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E-cigarette maker defends flavored vapes at Seventh Circuit

An Illinois-based manufacturer of candy and fruit flavored e-cigarettes argued the FDA used unfair standards to reject its application to bring those products to market.

CHICAGO (CN) — A flavored tobacco product manufacturer came before the Chicago-based Seventh Circuit on Wednesday morning, arguing it is the victim of regulatory malfeasance.

The company, known as Gripum LLC, is based out of the Chicago suburb of Skokie and sells candy and fruit-flavored tobacco vapes under a number of different brand names. In September 2021, the Food and Drug Administration denied Gripum's applications to enter its products into interstate commerce on the grounds that the sweet-flavored vapes would induce more youth to pick up tobacco use than they would induce adult tobacco users to drop traditional cigarettes.

“All of [Gripum's applications] lack sufficient evidence demonstrating that [their] flavored [vapes] will provide a benefit to adult users that would be adequate to outweigh the risks to youth,” the FDA's rejection order stated.

Gripum argues the rejection was improper because the FDA had used unclear standards to evaluate the company's products and its conclusion was based on a selective reading of the available research into e-cigarette use. The company specifically claims it should not have been penalized for not including long-term longitudinal studies of vape use in its applications, as the FDA did not state Gripum had to include such studies when it first submitted its applications in September 2020.

"FDA repeatedly assured manufacturers that their [applications] would not need to include long-term studies (random controlled trials or longitudinal cohort studies). Gripum took FDA at its word," the company's brief to the Seventh Circuit states. "FDA, however, employed a secret 'fatal flaw' inquiry: it did not conduct an individualized review of the substance of Gripum’s [applications] once it observed the absence of long-term studies." (Parentheses in original).

The company also says the FDA ignored studies showing that youth smokers typically preferred "closed-system" flavored tobacco products, a separate technology from the "open-system" vapes Gripum sold. Closed-system vapes such as Juul pods mimic traditional cigarettes in form and contain tobacco liquids with a high nicotine concentration to compensate for their small size and short battery life. Open-system vapes, by contrast, are larger devices using refillable tobacco liquid cartridges with a lower nicotine concentration. According to Gripum's brief, these open-system vapes are generally preferred by adult smokers in their 40s, regardless of flavor.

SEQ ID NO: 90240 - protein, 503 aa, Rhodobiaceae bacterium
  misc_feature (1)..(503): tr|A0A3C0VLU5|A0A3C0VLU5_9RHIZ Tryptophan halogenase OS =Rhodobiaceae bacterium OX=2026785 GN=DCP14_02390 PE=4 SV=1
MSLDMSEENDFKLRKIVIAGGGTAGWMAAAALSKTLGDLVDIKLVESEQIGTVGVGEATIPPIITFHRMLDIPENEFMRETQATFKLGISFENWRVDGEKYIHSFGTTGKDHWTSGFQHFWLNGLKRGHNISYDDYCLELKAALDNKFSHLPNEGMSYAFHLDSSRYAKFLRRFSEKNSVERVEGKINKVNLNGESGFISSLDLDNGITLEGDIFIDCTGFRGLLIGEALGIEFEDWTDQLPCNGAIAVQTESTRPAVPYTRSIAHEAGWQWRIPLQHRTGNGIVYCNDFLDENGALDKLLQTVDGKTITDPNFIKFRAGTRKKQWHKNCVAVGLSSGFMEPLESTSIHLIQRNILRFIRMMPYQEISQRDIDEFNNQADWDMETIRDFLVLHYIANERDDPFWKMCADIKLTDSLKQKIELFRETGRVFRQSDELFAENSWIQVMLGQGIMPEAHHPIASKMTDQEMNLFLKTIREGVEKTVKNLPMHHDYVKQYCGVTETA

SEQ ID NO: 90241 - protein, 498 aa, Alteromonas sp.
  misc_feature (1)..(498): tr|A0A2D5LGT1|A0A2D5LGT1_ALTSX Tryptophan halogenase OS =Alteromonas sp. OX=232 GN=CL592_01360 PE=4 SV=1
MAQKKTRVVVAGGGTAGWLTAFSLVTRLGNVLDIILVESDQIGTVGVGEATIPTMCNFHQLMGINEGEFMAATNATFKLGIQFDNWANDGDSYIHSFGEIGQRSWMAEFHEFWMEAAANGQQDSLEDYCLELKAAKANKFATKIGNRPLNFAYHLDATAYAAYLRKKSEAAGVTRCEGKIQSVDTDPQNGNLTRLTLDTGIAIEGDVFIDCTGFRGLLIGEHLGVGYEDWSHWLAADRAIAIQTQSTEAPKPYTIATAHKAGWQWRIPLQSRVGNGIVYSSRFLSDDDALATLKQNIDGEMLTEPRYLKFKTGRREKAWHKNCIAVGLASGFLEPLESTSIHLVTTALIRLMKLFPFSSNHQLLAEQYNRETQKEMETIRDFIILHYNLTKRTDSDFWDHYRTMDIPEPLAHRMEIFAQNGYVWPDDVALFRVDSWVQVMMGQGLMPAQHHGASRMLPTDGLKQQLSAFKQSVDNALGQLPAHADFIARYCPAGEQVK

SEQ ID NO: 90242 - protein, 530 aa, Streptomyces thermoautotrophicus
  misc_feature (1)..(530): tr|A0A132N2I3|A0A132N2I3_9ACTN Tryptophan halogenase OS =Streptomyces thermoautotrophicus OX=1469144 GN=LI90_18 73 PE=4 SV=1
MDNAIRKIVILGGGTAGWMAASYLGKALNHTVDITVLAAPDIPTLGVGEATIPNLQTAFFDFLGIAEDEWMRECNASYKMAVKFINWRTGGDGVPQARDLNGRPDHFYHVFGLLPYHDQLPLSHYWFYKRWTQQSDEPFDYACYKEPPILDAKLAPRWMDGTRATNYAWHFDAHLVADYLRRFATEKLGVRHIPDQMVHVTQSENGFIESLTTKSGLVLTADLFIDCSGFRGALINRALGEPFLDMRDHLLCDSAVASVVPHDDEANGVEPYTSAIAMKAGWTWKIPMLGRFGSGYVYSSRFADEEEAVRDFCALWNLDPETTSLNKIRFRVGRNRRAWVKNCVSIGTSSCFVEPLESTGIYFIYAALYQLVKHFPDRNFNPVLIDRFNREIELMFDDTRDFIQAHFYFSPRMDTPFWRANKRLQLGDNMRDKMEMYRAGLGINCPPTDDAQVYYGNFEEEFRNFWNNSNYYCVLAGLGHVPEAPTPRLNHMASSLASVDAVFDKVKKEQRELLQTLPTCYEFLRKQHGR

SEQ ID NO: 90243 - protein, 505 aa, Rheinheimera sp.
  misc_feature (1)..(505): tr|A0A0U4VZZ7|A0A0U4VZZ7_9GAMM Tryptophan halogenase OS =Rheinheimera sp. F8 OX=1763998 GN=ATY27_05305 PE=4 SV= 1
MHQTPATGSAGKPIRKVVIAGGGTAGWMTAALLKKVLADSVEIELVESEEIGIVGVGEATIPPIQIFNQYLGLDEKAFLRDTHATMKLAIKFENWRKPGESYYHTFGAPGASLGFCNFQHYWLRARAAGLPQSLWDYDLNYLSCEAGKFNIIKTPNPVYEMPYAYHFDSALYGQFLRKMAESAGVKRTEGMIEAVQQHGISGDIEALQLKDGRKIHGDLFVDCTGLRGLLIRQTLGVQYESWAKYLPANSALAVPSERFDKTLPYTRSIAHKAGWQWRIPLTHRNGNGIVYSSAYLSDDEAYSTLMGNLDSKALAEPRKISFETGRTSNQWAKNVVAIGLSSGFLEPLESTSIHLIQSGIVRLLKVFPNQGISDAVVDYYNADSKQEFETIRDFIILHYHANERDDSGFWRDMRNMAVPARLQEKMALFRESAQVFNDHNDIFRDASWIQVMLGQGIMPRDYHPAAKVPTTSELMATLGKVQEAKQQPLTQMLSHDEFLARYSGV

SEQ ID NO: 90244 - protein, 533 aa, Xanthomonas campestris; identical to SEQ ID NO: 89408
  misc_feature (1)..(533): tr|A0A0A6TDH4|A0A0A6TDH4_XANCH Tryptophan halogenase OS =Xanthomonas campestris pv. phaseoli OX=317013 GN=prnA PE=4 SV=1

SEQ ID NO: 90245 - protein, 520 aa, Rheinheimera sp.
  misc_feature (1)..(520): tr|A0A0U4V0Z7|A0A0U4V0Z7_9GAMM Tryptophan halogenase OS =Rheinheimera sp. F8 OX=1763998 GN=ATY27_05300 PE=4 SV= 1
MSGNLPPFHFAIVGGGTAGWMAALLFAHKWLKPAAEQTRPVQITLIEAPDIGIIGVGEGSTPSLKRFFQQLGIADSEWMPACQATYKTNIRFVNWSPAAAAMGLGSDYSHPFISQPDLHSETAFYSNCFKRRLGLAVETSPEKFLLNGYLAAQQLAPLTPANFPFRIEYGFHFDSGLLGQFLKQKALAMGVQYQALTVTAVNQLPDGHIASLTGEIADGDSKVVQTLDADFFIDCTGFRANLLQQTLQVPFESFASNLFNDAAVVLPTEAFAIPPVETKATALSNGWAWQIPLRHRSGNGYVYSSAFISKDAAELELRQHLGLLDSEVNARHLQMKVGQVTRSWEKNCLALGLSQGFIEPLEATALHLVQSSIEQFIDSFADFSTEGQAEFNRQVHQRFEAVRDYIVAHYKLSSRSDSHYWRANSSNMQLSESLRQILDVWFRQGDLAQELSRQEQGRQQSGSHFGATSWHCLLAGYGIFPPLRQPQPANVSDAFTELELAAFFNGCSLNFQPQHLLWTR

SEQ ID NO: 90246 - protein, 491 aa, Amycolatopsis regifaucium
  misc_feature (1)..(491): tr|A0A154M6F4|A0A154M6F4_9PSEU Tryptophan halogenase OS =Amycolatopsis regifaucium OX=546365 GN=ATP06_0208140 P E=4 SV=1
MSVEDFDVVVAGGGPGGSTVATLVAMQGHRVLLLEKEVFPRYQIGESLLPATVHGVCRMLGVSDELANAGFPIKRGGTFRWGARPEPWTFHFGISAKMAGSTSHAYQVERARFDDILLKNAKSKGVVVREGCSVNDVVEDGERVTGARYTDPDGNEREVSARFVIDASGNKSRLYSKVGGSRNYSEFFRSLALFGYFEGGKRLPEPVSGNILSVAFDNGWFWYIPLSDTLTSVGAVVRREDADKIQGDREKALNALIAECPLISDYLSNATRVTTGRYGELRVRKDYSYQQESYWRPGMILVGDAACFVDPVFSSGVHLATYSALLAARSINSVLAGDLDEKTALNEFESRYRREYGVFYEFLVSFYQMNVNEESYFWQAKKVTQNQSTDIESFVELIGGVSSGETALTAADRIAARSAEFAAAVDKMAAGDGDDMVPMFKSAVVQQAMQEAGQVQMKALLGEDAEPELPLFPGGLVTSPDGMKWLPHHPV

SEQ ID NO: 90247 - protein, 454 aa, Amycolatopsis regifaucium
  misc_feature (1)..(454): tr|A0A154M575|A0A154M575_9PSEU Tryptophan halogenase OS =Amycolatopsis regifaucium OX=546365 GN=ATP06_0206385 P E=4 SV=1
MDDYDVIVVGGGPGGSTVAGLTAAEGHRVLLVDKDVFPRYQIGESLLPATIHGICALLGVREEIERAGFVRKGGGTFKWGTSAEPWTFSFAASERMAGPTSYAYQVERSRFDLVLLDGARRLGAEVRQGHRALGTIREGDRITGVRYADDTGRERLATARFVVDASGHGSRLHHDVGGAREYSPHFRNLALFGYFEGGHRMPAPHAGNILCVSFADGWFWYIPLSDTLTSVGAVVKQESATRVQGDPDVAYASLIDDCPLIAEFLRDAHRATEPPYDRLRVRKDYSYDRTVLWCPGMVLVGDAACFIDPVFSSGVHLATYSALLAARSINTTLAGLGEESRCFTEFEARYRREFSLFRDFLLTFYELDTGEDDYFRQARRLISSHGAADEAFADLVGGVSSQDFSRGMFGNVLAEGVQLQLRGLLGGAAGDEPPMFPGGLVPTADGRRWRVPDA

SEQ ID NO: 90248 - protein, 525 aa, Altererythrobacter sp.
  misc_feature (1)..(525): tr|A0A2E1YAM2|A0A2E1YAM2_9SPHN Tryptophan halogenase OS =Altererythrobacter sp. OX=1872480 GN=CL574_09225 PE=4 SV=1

Following this reasoning, Gripum's attorney J. Gregory Troutman argued Wednesday that the company's products, if allowed into interstate commerce, would help adult smokers quit traditional cigarettes more than they would attract young people in their teens or 20s. Getting people off traditional smokes is one element of the FDA's evaluation criteria, given that the agency considers vaping relatively less harmful than traditional tobacco products for adult users.

"We take the agency and its representatives at the public statements they've made, where they've talked about these products as less harmful," Troutman said. "That's the real rub here."

The three-judge panel was skeptical of this line of argumentation, however, given that the FDA's statements referred to e-cigarettes in general and not Gripum's products particularly.

"You don't have any evidence that your products are going to induce adults to stop using [cigarettes] that I saw," said U.S. Circuit Judge Diane Wood, a Bill Clinton appointee. "That's half the equation."